Which brings us to Wave of Vitriol. While fringe playable at the time of its release with Commander 2014, the format has sped up considerably in the last several years. If I’m playing a 7 mana board wipe these days, it’s because I don’t have other options, and I’m going to be looking at cards like All is Dust long before considering Wave of Vitriol.

Ezuri’s Predation

Ezuri’s Predation is 1 of exactly 2 mono green board wipes that can be addressed “to whom it may concern” rather than just flying creatures. 8 mana will generate a 4/4 Beast creature token for every creature your opponents control, then each of your Beasts will fight a different one of those creatures.

As with Wave of Vitriol, the idea of paying 8 mana for a board wipe is fairly repulsive, especially since at face value it’s only going to get all creatures with 4 toughness or less.

Unlike Wave of Vitriol, however, Ezuri’s Predation can also serve as a potential win condition, especially if you generate additional tokens through Doubling Season or buff your Beasts with cards like Muraganda Petroglyphs.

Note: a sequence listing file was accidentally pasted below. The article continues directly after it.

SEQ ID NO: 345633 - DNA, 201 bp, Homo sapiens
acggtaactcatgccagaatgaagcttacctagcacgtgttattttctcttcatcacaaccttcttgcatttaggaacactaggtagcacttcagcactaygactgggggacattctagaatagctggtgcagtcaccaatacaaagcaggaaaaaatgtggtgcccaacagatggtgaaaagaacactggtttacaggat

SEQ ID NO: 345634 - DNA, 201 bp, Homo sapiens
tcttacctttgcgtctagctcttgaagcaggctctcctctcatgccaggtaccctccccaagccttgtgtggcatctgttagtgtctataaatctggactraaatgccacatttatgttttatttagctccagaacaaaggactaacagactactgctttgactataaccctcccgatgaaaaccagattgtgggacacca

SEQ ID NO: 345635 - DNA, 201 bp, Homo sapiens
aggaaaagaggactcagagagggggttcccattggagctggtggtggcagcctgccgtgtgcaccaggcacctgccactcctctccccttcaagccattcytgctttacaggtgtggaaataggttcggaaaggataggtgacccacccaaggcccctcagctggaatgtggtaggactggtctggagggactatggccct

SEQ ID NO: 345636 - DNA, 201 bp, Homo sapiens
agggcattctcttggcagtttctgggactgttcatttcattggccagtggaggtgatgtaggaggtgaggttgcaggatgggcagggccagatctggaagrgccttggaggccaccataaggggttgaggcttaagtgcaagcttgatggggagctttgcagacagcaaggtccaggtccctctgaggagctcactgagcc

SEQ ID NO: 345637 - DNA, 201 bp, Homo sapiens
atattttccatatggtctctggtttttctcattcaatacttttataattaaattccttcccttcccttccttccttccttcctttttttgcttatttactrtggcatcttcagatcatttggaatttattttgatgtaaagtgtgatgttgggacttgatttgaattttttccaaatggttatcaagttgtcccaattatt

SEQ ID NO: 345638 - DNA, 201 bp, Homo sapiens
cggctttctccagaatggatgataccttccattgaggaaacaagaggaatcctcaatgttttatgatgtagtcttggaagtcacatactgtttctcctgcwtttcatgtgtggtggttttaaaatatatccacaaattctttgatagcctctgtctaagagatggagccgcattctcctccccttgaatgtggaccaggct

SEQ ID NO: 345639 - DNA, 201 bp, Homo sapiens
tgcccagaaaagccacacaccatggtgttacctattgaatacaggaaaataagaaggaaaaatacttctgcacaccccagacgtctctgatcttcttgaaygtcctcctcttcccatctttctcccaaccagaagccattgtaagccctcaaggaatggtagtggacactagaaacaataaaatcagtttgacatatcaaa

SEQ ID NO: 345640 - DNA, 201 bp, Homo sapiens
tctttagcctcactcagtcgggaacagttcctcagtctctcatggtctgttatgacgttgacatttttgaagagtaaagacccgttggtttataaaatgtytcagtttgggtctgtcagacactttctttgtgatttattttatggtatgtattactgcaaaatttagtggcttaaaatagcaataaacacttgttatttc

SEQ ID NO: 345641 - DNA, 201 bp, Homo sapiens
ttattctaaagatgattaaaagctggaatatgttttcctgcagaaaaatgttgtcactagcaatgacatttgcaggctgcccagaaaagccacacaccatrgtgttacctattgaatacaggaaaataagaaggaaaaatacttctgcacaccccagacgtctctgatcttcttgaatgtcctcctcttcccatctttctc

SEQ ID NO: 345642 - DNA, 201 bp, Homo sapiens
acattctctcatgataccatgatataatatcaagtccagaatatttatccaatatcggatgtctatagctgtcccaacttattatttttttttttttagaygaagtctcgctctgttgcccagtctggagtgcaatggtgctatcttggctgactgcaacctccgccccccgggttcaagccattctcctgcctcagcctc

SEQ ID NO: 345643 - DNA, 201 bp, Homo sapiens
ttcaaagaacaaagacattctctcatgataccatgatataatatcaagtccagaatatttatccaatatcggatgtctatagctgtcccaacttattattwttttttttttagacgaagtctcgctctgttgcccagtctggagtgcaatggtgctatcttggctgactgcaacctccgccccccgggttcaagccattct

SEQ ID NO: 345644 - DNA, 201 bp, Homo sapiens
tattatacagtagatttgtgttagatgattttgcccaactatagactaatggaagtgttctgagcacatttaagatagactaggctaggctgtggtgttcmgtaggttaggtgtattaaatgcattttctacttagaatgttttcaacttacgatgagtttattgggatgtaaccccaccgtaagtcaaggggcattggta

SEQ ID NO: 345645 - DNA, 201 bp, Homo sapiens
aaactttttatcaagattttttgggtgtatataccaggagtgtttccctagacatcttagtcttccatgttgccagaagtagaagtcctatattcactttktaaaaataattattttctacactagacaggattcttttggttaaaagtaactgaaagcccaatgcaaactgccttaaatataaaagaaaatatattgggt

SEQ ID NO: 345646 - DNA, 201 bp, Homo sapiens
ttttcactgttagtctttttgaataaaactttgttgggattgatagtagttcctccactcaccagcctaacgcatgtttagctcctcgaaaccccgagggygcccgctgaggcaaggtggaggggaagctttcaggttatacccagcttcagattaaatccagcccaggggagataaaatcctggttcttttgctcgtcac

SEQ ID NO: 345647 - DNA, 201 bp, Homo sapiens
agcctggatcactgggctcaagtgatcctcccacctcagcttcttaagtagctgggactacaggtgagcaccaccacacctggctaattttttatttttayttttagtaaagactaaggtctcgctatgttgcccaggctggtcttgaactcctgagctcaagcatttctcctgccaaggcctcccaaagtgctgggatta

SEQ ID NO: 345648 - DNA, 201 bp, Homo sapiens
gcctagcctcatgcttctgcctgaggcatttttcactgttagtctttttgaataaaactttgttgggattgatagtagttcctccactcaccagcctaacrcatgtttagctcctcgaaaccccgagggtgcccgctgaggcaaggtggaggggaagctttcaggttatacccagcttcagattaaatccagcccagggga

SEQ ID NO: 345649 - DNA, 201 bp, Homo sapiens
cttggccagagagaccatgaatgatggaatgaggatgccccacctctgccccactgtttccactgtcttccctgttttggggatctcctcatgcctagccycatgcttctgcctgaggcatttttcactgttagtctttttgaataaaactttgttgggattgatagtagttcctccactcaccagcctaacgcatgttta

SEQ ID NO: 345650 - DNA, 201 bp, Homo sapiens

Naturally, these sorts of shenanigans are easiest to accomplish in a token deck, but any go-wide strategy can reasonably use Ezuri’s Predation to create an instant board, sweep away weaker opposing creatures, and move toward closing the game.

Ironically, this board wipe is also the perfect answer to those same token decks and go-wide strategies, as it’s rare to be staring down an army of tokens with more than 4 toughness.

The Great Aurora

The Great Aurora is such a bizarre Magic card. Admittedly, I was among the majority who saw this Warp World knockoff and dismissed it as a bad bulk mythic during Magic Origins, but having seen what a Standard deck could do with it locally, this is another one of those board wipes that can easily be a finisher in the right Commander deck.

This board wipe thrives in a board state where you have access to more cards in play and in your hand than everyone else, and/or are playing a lot of lands in your deck. Maybe you played a ton of mana ramp spells, generated a bunch of tokens that can’t punch through whatever else is on the board, or are simply following up on someone else’s board wipe.

Then you play The Great Aurora, watch as everyone draws maybe half of the lands they had beforehand, then dump a ton of lands on the battlefield to get far, far ahead of the rest of the table. Repeat with cards like Riftsweeper or Pull From Eternity as necessary.